Enter the kaleidoscope with psychedelic pop outfit Joy As A Toy, whose latest release, Mourning Mountains, stands as something of an enigma in the modern surrealist scene. Dash Majesty speaks with multi-instrumentalists JP De Gheest and Gil Mortio, uncovering the concepts and stories behind this eyebrow-raising third album.
Dash Majesty: Who exactly are Joy As A Toy?
JP De Gheest: Gil Mortio on bass and vocals (Pierre Vervloesem, Anu Junnonen); JP De Gheest on drums and vocals (Mark Lanegan Band/Lyenn/Piloot); Clement Nourry on guitars and vocals (Nicolas Michaux) and Alice Perret on keys and vocals (Lunatic Toys, Jane added).
Joy As A Toy started seven years ago as a free improv trio with Clement Nourry (guitar), Gil Mortio (bass) and myself (drums). We met for a couple of days in Gil’s basement. As is often the case in these kind of exercises, one tends to repeat oneself – we did at least! – so we decided to start singing and came to writing songs.
We grew up listening to 90s alternative rock, noise and experimental music, before studying jazz and classical music in our early twenties. Our influences are tainted by a broad and vast variety of genres. In our minds, we write pieces for sixty musicians. Being a trio, we had to compensate with energy. After a few changes, Joy As A Toy became a quartet, which has allowed us to nail the music without overloading the songs.
DM: Why the choice of name? Is there a particular story behind it?
JDG: It was inspired by Kevin Ayers’ Joy Of A Toy. The other option was Instant Pussy, another Soft Machine song, but we thought Joy As A Toy was more suitable.
DM: Tell us a little about the video concept for Hipsters of the Apocalypse.
GM: Joy, love, hope… and mountains! Love especially – hope there’s no need to explain in more detail.
DM: No need. We consider mountains very dear to us. The harmonies on that track are so tight – how long did it take you to perfect them?
GM: Technically, there’s nothing more to say about it. We just write and play what seems natural to us.
…it’s a cowboy attitude, don’t you think?
DM: Where did the idea for Ghost Train come from?
JDG: From a weird dream. Still don’t really know what it’s all about. I just woke up and started writing exactly what happened in my dream. I’ll probably sleep better now.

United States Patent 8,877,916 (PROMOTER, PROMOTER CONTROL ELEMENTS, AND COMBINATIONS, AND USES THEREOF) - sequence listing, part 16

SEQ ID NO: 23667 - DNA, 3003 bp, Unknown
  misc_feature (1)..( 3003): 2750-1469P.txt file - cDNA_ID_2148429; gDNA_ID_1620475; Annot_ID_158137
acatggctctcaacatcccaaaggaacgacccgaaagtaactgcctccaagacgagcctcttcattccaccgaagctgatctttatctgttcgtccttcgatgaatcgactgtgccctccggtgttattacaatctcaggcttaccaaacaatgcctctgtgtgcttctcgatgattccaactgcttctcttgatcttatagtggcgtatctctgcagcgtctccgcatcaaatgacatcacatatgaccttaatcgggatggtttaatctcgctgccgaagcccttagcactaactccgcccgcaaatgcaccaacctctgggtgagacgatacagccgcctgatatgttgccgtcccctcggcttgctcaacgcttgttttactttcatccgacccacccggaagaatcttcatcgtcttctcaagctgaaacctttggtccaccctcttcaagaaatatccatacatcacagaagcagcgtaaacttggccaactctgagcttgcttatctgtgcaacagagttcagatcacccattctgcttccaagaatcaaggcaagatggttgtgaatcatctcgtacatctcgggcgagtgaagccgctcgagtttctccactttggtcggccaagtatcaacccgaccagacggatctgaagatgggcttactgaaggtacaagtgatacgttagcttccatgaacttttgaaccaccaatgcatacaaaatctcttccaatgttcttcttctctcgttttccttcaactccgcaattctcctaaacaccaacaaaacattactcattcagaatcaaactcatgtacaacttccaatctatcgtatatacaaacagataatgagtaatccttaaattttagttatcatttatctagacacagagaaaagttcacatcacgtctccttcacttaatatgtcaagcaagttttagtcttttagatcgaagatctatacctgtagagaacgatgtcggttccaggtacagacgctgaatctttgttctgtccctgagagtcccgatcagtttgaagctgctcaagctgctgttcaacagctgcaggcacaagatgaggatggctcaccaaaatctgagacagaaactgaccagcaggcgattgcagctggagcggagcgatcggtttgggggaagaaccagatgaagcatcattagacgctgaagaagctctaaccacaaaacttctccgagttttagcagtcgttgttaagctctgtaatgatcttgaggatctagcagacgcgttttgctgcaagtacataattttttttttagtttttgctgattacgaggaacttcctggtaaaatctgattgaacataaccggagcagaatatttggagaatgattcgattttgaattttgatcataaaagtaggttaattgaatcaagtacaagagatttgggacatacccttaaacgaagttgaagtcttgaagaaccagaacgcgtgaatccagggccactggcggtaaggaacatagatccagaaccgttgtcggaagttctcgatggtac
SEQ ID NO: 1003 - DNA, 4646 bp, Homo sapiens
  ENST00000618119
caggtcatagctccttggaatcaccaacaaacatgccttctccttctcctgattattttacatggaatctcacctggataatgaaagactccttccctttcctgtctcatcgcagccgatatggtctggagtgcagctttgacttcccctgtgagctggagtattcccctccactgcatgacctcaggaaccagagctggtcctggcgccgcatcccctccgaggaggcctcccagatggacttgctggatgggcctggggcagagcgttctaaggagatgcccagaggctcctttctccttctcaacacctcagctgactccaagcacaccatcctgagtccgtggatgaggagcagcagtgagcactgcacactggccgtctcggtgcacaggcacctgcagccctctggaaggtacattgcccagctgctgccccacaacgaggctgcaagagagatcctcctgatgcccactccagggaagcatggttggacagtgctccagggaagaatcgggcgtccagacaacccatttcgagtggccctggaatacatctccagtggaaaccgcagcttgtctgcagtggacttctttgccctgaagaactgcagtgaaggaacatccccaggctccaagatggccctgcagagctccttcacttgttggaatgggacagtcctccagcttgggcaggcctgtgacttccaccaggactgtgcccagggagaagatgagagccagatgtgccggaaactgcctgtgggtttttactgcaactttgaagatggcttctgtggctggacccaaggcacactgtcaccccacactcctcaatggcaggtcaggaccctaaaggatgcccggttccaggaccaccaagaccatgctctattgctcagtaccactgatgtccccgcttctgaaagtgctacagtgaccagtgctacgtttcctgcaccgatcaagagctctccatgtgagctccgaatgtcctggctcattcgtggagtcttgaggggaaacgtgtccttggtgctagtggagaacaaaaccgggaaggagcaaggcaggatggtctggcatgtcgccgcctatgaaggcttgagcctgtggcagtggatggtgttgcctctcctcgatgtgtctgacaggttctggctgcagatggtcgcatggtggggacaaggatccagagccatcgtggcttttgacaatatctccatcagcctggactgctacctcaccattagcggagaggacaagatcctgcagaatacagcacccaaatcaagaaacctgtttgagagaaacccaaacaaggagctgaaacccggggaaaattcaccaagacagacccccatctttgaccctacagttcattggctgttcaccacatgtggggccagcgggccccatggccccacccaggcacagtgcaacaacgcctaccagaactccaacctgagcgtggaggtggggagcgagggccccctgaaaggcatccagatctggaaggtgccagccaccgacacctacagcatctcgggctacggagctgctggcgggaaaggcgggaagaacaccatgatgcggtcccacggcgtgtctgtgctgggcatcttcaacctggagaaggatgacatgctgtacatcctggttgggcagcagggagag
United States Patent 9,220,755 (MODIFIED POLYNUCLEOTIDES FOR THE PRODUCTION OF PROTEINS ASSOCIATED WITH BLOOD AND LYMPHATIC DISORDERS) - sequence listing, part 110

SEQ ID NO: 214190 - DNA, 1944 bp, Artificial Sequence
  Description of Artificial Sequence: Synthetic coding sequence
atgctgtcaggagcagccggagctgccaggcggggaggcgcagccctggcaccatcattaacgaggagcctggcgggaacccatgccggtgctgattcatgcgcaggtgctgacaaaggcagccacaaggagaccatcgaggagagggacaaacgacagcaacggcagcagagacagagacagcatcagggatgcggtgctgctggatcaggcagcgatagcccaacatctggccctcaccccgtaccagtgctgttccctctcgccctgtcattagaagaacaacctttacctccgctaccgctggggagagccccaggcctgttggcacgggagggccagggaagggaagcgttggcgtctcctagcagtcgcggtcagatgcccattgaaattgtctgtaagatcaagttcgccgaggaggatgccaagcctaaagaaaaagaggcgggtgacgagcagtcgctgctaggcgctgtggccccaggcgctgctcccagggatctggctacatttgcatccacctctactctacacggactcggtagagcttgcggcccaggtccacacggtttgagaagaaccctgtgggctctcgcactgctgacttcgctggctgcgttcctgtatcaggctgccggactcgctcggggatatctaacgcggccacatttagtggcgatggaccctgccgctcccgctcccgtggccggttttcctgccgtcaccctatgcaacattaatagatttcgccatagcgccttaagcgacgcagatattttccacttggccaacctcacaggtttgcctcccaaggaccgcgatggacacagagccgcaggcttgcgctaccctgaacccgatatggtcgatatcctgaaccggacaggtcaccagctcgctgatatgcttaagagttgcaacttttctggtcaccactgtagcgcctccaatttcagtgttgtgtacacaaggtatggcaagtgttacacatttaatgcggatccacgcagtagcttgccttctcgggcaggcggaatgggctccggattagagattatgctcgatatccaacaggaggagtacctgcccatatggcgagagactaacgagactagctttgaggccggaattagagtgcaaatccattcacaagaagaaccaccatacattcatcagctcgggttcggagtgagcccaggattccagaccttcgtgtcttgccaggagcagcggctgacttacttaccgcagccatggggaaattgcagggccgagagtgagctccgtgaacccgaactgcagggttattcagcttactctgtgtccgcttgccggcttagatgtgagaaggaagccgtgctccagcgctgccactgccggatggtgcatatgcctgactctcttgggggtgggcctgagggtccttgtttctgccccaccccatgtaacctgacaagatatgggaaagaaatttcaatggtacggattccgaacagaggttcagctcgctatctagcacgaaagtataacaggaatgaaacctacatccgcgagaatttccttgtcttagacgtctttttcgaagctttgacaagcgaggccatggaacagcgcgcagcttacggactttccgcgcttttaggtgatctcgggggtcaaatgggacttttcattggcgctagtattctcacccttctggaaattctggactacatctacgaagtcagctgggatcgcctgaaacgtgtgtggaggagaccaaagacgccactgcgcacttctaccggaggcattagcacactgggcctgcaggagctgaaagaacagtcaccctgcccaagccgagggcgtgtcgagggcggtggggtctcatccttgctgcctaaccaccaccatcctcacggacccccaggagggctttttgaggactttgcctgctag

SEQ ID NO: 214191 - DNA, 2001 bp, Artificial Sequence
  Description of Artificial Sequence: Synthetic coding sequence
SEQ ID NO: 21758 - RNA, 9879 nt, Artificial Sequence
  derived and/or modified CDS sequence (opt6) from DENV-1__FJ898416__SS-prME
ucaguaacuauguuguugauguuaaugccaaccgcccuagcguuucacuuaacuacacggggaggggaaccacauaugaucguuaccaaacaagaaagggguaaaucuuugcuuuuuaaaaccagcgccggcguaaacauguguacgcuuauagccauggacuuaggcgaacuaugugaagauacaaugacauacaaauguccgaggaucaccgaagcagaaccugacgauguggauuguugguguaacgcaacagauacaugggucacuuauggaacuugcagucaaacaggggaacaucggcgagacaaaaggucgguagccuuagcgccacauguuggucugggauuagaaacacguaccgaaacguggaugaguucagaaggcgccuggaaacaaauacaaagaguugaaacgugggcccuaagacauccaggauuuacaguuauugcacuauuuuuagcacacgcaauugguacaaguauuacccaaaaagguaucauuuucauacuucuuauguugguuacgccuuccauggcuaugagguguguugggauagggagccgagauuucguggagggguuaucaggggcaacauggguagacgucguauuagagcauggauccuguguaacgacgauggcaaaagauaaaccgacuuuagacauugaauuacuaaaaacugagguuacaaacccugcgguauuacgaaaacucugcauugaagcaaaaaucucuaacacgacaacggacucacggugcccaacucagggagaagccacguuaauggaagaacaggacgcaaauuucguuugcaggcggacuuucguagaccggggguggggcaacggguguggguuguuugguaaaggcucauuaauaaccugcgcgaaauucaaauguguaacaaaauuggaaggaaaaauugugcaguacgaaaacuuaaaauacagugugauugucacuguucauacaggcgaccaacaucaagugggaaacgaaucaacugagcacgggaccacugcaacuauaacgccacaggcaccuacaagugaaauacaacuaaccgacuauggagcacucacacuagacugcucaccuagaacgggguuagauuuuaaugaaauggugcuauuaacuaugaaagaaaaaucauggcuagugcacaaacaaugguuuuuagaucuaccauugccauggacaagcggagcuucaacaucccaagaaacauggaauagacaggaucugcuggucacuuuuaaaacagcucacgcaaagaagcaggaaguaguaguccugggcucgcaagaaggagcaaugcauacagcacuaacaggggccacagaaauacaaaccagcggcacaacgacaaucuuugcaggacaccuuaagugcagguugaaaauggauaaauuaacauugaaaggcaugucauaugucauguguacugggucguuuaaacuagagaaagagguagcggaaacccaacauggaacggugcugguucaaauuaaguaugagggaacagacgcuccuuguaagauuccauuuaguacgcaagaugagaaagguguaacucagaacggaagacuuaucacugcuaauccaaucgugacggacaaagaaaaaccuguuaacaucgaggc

DM: Could you tell us a little about the artwork for Mourning Mountains?
JDG: It’s a collage from a patient of French psychiatric institute Laborde. It refers to the two previous records and of course to the album title itself. A very strong and beautiful coincidence, also echoing the surrealism of Joy As A Toy’s music.
DM: Speaking of which, why did you choose this title for the record?
JDG: Mourning Mountains is about the ambiguity between us mourning the mountains and the mountains mourning humanity. The duality between ‘poetical’ and ‘political’.
DM: You say that this record is in part inspired by the Mexican Día de Muertos festival – could you elaborate on this?
GM: We started a mood board together – pieces from wherever and whatever we could find. The whole portrait looked polychromatic and, as usual, full of dead characters. Mexican masks drove the same impression as our work. Lovely minor colourful pieces.
DM: Tell us a little about your track Cowboy Mode – where did the inspiration for this song come from?
JDG: Cowboy Mode was the working title for the song. We got attached to it and started writing lyrics from there.
GM: We’re always challenging crossover experiences. Here we mix sugar pop melodies with an impressive afro groove. So it’s a cowboy attitude, don’t you think?
DM: Oh, naturally. What does the future look like for Joy As A Toy?
JDG: Mourning Mountains is probably our best record yet and we are very happy it got great press reviews. Now that Lola Bonfanti and David Picard have joined the band, Joy As A Toy has been given a renewed breath. We fully embrace the future!